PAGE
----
Henning Larsen Architects is an international architecture company with strong Scandinavian roots.See partner
Nordea’s new office building in Ørestad North, Copenhagen, will house 1,800-2,200 employees and be ready for inauguration in 2016.
To the south, the building is characterised by a sophisticated, sloping park landscape and to the north by an open ground floor and tile facades on the lower floors. Nordea’s new building introduces a new medium scale in Ørestad – a street level connecting buildings and landscape.
Stage one covering a total of 40,000 m2 consists of two light, sculptural buildings placed on a base. The architectural concept reflects the functionality of the buildings. Thus, the effective office floors are all placed on top of the base, while the shared, outward functions are placed in the base.
The building is organised as a city – offering quiet, more intimate places as well as squares and streets full of life and activity. The individual departments all offer both a quiet and active section.
This functional layout promotes collaboration, innovation and knowledge sharing across departments and professional fields. The interaction between effective open plan offices and meeting places allows the individual employee to find the optimal working situation.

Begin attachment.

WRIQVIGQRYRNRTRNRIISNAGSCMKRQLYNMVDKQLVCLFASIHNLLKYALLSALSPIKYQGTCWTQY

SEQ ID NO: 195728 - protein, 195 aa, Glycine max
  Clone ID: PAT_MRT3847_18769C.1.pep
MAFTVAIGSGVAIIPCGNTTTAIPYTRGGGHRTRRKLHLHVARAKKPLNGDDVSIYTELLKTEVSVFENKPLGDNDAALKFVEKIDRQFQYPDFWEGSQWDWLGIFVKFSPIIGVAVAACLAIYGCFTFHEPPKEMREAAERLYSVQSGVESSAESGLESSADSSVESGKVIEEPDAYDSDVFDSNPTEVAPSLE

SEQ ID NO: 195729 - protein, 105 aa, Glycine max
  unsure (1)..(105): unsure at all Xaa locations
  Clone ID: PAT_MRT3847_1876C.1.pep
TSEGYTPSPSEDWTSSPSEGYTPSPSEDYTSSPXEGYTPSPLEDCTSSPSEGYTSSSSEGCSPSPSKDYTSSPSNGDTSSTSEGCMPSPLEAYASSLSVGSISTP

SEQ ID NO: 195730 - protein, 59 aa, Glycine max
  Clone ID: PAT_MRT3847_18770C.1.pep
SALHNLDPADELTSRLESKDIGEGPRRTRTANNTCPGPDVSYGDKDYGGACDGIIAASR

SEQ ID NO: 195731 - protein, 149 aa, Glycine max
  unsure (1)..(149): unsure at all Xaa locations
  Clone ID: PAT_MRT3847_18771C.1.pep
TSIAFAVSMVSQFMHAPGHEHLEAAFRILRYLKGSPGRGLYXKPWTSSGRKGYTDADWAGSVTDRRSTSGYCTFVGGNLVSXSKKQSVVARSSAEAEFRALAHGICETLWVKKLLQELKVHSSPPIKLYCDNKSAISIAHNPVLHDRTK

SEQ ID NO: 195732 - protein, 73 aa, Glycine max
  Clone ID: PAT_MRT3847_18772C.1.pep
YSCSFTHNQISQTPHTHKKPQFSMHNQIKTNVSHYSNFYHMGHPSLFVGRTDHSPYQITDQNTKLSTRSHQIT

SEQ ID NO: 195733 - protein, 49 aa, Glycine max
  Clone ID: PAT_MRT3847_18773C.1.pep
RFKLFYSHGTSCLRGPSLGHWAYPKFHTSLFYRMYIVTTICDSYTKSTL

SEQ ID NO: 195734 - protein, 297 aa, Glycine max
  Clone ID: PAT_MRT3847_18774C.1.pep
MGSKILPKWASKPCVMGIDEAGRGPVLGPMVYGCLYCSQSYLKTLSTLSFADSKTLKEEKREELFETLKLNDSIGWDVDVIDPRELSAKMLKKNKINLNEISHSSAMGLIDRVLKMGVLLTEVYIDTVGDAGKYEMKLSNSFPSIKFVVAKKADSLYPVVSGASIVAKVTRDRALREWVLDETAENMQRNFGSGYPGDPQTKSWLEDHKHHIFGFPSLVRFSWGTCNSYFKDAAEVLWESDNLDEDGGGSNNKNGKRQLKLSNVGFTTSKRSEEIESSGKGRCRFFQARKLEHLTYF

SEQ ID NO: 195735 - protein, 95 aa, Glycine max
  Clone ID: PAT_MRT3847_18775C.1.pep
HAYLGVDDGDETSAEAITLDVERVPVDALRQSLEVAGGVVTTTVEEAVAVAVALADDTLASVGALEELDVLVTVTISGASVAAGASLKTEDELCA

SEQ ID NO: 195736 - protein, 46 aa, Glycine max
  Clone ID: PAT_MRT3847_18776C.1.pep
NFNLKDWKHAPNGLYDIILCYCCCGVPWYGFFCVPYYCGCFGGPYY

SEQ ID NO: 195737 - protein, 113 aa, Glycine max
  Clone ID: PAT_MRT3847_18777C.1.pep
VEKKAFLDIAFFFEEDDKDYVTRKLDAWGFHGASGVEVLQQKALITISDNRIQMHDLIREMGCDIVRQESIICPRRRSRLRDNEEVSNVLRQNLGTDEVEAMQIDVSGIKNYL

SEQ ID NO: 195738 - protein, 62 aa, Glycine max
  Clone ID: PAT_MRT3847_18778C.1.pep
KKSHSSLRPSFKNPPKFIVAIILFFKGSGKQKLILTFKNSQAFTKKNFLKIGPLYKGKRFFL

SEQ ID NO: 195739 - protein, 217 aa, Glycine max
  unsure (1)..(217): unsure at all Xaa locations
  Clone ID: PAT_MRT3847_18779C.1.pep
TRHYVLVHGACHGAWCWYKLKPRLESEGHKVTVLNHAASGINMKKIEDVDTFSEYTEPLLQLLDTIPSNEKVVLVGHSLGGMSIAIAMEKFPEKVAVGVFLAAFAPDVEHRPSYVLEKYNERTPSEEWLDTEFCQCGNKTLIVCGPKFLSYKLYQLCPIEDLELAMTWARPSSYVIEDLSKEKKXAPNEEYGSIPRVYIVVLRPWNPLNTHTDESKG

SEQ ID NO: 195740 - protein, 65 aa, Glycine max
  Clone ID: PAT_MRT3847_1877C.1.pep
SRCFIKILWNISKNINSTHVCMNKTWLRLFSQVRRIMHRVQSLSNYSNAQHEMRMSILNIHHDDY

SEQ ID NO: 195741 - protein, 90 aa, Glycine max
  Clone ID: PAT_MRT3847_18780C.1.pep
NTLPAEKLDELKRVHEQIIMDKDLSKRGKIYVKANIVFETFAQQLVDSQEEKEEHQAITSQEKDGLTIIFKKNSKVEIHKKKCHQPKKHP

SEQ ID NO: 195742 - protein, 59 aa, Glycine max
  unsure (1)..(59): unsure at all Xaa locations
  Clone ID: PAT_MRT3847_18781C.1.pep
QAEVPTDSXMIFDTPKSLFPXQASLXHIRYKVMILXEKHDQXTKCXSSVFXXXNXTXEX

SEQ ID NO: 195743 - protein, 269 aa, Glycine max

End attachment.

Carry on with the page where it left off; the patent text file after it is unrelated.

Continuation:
The building interacts with the city, opens up and invites for activity at different levels. It will be a place in the city that offers activity inside as well as outside.
The Nordea office building should achieve the highest score in the international certification system in green building, LEED. LEED evaluates the building as a whole – from programme through effective treatment of water, energy, materials, indoor climate to design process.
Henning Larsen Architects applies a unique, holistic design method, developed by the company itself. Focus is on minimiming the energy consumption of the building. This is achieved by reducing the energy consumption, then optimising the technical solutions and finally integrating solutions for energy production in the buildings.
The energy consumption of the new building has continuously been simulated through studies of volumes, materials, room heights, light and shadow, noise, wind and feasibility of indoor and outdoor spaces. Subsequently, the energy consumption has been further reduced by intelligent selection and use of efficient technologies.
With the applied methodology, the building will achieve a LEED Platinum certification, while at the same time offering an energy consumption of 41 kWh/m2/year without use of energy-producing installations. Adding the solar cell system required according to LEED, the total energy consumption will be minimised to 18.8 kWh/m2/year – far below the new 2020 energy requirements according to Danish building regulations. Nordea's new building is a sustainable role model.